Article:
Global firm’s London office confirms it has made five staff redundant and points to effect of EU referendum and mayoral elections
Leading international architect Farrells has confirmed it has made a handful of redundancies at its London office in the face of ‘economic and political uncertainty’ in the UK.
The practice, led by Terry Farrell, said it had laid off five staff in recent weeks because of a ‘pause’ on a number of projects related to the referendum on Britain’s membership of the European Union and the mayoral election in London, which took place yesterday (5 May).
AJ understands that the affected staff were at various levels of seniority and that a further three employees have left the firm and not been replaced due to the slowdown. However, the practice said it was confident that projects put on hold would be reactivated later this year and pointed to ‘significant business opportunities’ for the rest of 2016.
A Farrells spokesperson said: ‘Towards the end of 2015 a number of our projects in the capital paused in the face of economic and political uncertainty, chiefly driven by the London Mayoral elections and the outcome of the EU referendum.
’While largely sustaining our cost base throughout the intervening period, nevertheless we have taken the opportunity to restructure our skills base, leading to a small number of redundancies. We look forward with confidence to those delayed projects re-commencing this summer.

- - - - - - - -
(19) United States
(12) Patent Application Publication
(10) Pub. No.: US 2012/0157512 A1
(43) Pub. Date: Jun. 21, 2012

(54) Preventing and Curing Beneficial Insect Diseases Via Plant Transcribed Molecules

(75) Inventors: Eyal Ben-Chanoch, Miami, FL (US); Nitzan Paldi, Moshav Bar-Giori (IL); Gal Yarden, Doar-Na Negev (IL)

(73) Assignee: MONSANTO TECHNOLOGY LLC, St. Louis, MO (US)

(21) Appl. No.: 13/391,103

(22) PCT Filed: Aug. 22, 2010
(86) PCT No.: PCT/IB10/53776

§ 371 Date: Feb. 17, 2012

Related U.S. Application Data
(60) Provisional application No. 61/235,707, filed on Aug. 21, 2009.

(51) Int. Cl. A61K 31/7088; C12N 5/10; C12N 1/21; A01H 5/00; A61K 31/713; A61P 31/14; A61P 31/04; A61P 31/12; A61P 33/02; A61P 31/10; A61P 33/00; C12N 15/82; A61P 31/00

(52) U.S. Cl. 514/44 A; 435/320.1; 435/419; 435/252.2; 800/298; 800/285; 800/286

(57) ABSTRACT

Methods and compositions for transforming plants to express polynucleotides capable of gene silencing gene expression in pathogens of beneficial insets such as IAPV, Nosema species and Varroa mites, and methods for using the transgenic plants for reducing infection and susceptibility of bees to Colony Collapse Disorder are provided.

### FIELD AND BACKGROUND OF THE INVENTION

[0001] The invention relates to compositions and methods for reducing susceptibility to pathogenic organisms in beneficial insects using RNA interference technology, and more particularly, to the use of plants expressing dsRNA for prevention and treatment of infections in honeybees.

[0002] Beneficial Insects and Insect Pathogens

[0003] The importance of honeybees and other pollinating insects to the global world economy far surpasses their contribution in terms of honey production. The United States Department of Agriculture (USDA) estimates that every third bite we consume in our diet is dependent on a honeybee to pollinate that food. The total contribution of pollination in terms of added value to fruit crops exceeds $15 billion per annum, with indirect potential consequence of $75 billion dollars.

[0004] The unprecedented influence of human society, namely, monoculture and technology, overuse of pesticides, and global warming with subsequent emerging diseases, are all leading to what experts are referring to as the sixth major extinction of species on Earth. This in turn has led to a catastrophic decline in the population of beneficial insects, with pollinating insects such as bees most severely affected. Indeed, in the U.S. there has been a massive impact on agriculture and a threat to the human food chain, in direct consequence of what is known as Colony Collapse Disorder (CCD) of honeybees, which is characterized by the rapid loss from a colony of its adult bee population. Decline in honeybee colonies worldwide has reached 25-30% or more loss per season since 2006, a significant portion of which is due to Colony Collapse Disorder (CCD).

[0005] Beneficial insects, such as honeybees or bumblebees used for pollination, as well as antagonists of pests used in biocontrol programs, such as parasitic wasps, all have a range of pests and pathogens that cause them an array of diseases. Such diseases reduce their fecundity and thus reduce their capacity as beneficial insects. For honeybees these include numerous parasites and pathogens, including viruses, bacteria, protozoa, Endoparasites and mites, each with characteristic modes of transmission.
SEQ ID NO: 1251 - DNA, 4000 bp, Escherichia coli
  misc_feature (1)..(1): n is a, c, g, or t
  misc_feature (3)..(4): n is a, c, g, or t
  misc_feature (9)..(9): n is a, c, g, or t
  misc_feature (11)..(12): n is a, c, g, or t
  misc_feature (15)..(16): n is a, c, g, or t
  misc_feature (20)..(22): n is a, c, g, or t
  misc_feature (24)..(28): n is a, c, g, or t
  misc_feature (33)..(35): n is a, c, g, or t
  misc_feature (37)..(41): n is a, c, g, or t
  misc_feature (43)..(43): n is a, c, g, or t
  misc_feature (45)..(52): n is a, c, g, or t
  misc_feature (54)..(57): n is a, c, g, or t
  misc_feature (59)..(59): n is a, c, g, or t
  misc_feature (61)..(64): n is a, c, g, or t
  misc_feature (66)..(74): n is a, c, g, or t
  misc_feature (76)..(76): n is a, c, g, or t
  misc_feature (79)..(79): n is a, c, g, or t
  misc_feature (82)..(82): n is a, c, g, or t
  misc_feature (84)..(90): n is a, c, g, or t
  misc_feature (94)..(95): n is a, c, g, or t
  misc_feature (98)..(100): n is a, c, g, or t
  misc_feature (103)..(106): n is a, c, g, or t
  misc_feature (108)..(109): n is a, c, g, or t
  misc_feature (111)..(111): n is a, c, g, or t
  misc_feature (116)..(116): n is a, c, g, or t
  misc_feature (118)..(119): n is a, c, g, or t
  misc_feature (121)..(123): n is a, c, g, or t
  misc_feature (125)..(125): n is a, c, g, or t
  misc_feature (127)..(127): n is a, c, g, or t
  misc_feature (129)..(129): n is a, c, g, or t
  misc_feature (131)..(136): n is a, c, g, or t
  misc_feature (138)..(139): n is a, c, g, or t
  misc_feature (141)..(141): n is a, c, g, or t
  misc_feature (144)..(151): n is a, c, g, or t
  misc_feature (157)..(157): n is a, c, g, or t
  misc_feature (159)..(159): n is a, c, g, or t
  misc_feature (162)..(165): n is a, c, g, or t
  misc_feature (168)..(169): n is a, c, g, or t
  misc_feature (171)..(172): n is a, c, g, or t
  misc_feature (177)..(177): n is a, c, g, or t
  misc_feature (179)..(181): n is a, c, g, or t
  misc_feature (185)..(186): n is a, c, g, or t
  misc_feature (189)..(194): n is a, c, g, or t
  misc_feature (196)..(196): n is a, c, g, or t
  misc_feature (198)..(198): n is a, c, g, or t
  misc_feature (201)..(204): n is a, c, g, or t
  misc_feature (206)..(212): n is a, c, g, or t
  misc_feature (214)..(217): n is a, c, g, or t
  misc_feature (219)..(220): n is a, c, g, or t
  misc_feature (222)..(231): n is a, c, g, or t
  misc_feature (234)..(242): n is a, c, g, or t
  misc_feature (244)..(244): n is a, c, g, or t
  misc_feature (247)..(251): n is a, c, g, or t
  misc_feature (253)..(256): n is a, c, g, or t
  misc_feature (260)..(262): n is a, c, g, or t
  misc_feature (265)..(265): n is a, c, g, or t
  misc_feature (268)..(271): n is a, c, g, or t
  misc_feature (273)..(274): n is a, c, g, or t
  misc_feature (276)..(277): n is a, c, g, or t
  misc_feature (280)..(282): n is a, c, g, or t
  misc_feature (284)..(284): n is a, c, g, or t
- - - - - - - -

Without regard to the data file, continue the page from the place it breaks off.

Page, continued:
‘Furthermore, our international position as thought leaders, visionaries and large scale master-planners, and our increasing strides to enhance our profile and reputation as architects to match that of our master-planning, is producing significant and attractive new business opportunities for the remainder of 2016 and beyond.’
As AJ reported last month in its analysis on Brexit, a recent study by investment bank Goldman Sachs claimed that the share price of property developers such as Great Portland Estates, British Land, Hammerson and Land Securities were down around 8 per cent versus the market since the beginning of the year due to the market ‘pricing-in the significant risk of Brexit’.
Former RIBA president Jack Pringle, managing director and principal at Perkins + Will, also said that ‘two or three’ of its London clients had said they would cancel projects if the UK exits the EU.